Once again we see bureaucrats with a poor understanding of how modern technology works deny ordinary people their right to privacy, as enshrined in the Universal Declaration of Human Rights (Article 12).
This time it’s India, where Element is one of 14 messaging apps blocked by the Central Indian Government which – we believe from media reports – relates to Section 69A of the Information Technology Act, 2000.
Element is a small company, so we concentrate our Legal, Compliance and Trust & Safety functions in the UK. We will, of course, respect local laws where we are obligated to and have always made it clear that we cooperate with authorities where required by law. As we understand it, Indian government officials claim to have approved the ban due to Element (and other apps) not having representatives in India.
That is a bit of guesswork on our part, because we did not receive any prior notice of the decision; clarification from the Ministry of Electronics and Information Technology would be most welcome.
While Element never compromises end-to-end encryption or user privacy, we have been contacted by Indian authorities in the past and addressed them in a constructive fashion (typically responding same-day). Indeed our Trust & Safety team works with governments to build safer secure communications for everyone; while ensuring user privacy and protecting end-to-end encryption.
As much as people in India will be able to trivially circumvent the blocking of the 14 messaging apps, we want to resolve this situation and be available as usual in India. That resolution will have to be, of course, in a way that respects our users and understands our commitment to everyone’s right to private and secure communications. We look forward to talking with the Ministry about how to make that happen.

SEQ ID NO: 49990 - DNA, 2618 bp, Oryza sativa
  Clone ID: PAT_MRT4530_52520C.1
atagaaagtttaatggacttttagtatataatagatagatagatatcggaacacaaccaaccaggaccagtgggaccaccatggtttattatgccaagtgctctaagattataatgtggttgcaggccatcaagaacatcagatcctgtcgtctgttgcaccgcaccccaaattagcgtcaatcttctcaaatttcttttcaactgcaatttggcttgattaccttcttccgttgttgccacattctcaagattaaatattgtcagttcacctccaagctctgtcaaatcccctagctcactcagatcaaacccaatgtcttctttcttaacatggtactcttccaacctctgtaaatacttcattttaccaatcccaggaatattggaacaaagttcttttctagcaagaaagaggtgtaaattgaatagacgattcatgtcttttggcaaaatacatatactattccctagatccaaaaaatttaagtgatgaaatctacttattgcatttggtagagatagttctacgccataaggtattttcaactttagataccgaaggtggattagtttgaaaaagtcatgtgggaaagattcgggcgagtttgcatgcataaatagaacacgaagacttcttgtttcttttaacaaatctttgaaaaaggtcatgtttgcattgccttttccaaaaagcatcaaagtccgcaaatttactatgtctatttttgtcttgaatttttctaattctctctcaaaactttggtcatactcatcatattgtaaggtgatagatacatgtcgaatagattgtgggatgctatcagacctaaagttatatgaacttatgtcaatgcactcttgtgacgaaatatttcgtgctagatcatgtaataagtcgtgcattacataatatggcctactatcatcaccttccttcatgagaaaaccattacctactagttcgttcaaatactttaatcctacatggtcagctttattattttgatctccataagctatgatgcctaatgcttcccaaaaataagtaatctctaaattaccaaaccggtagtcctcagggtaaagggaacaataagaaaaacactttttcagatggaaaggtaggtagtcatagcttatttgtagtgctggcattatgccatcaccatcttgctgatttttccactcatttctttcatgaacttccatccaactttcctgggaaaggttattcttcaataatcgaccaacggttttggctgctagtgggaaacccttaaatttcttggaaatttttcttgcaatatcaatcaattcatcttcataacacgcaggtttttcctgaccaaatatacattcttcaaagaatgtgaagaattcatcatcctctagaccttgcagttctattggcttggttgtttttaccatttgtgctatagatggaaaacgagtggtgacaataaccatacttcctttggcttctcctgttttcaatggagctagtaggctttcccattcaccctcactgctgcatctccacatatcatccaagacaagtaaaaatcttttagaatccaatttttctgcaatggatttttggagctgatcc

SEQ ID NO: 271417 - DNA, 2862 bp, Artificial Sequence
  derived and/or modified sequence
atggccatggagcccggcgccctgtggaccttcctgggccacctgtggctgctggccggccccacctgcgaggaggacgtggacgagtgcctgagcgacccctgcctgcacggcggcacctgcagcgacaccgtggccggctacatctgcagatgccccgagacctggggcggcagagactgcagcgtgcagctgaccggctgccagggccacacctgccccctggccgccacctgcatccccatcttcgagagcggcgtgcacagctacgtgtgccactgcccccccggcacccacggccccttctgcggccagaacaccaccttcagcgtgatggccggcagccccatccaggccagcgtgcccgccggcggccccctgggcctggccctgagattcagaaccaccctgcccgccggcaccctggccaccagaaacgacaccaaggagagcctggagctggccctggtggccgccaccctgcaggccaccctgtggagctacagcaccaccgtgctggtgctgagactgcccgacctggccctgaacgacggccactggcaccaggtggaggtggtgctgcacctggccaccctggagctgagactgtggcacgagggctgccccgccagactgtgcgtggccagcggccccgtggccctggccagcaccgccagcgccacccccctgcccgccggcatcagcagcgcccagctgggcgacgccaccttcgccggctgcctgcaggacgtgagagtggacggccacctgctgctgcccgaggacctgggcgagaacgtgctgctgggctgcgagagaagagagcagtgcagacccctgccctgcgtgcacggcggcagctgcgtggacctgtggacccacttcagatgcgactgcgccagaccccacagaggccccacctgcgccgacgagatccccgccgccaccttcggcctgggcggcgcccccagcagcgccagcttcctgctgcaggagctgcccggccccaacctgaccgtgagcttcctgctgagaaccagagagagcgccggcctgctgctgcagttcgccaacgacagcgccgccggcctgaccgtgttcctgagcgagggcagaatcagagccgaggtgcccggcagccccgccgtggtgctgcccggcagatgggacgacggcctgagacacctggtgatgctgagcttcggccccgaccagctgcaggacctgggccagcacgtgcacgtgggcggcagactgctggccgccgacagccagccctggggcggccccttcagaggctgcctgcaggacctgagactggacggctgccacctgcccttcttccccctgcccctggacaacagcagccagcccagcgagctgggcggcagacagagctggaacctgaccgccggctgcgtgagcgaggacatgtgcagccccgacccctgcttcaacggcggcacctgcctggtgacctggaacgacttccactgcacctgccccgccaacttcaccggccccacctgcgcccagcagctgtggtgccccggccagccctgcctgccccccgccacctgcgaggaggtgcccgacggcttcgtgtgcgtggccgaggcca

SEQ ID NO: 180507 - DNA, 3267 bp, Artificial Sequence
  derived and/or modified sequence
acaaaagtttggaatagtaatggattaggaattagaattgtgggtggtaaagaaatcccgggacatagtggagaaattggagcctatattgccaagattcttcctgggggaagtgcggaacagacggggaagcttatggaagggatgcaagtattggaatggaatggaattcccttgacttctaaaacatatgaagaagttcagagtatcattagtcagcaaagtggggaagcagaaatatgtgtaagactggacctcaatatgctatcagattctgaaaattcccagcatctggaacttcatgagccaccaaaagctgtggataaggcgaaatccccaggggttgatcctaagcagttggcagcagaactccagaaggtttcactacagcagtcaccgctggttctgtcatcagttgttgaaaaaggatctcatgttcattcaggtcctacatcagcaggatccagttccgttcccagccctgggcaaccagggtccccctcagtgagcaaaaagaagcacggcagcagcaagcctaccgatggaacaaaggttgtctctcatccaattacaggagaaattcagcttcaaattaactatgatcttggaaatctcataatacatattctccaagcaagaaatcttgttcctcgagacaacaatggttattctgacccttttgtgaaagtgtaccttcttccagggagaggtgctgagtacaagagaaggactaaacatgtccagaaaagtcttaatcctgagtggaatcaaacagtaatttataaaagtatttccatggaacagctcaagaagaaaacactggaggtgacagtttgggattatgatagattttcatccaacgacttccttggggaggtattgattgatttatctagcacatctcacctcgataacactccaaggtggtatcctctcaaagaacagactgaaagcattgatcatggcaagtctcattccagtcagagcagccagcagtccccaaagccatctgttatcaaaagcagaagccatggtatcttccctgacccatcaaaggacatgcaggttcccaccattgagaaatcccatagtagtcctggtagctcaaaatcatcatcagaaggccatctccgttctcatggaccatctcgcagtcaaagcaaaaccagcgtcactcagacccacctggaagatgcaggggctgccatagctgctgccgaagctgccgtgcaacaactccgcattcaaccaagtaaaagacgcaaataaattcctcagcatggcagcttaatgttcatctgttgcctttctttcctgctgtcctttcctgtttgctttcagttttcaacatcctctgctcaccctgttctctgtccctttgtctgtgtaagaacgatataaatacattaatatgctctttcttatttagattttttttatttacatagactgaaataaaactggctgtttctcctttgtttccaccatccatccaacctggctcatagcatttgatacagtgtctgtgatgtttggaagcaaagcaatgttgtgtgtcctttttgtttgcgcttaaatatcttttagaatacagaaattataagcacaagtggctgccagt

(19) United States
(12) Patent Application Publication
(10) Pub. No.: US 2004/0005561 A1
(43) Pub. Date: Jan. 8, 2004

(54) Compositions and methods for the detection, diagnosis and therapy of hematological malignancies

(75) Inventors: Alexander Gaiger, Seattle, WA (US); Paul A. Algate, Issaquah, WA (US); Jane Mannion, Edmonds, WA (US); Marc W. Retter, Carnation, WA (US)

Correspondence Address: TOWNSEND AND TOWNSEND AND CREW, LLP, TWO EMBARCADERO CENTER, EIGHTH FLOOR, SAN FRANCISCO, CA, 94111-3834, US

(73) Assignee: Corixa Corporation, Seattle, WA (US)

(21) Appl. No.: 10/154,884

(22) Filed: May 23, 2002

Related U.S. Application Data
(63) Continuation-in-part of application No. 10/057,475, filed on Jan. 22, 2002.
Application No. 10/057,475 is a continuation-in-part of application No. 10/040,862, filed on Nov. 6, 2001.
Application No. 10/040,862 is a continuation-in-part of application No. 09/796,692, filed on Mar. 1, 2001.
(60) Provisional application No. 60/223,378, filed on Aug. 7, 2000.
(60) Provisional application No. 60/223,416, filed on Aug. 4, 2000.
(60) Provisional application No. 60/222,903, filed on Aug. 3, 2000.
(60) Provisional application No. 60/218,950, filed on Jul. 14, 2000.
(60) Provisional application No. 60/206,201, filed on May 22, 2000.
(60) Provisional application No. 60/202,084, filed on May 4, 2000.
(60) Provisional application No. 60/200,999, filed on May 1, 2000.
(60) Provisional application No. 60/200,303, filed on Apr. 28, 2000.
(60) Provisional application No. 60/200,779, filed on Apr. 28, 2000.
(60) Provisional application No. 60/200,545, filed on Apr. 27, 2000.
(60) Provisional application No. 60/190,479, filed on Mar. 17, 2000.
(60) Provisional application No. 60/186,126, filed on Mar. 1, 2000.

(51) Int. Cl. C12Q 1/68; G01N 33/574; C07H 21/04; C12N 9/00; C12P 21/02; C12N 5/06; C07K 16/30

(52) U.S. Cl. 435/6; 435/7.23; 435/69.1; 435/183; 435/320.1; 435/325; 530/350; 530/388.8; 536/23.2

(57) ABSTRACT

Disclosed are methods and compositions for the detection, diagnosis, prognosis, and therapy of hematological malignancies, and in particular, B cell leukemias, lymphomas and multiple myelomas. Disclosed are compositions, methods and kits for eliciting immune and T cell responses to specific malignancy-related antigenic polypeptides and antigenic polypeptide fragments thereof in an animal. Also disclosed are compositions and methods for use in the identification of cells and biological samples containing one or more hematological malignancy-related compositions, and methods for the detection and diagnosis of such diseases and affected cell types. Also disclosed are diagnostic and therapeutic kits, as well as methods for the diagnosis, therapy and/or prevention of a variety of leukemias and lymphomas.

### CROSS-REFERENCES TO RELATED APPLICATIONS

Delisted for being decentralised?
We assume that this ban on Element is a result of a misunderstanding around decentralised and federated services such as Matrix (an open standard for real time communication). The Element app is just one of many apps that give access to the Matrix network. A simple parallel is that banning Element because it gives access to the Matrix network is the equivalent to blocking Google Chrome because it gives people access to the web, or Gmail because it gives people access to email.
Some governments see undermining encryption as the most effective way to combat the ills of terrorism or other illegal behaviour. That approach is completely flawed; it just removes ordinary people’s ability to communicate in private which leaves them vulnerable to all types of surveillance, crime and subjugation.
In actual fact, end-to-end encryption strengthens national security which is why Element has various parts of the French, German, Swedish, UK and US governments as customers.
Undermining end-to-end encryption is an attack on people’s basic human right to privacy and security of communications. Rather than accept that as a cost to pay, we look to preserve and protect those rights, and to work with governments, journalists, non-profits, academic researchers and the rest of the tech industry to rise to the challenge of reducing those harms.
So, as always, we will proactively engage with the authorities – in this case the Central Indian Government – to champion the importance of secure and private communications. The right to private communication is an essential part of democracy, and protects against oppressive regimes. Technology should protect those rights, not destroy them.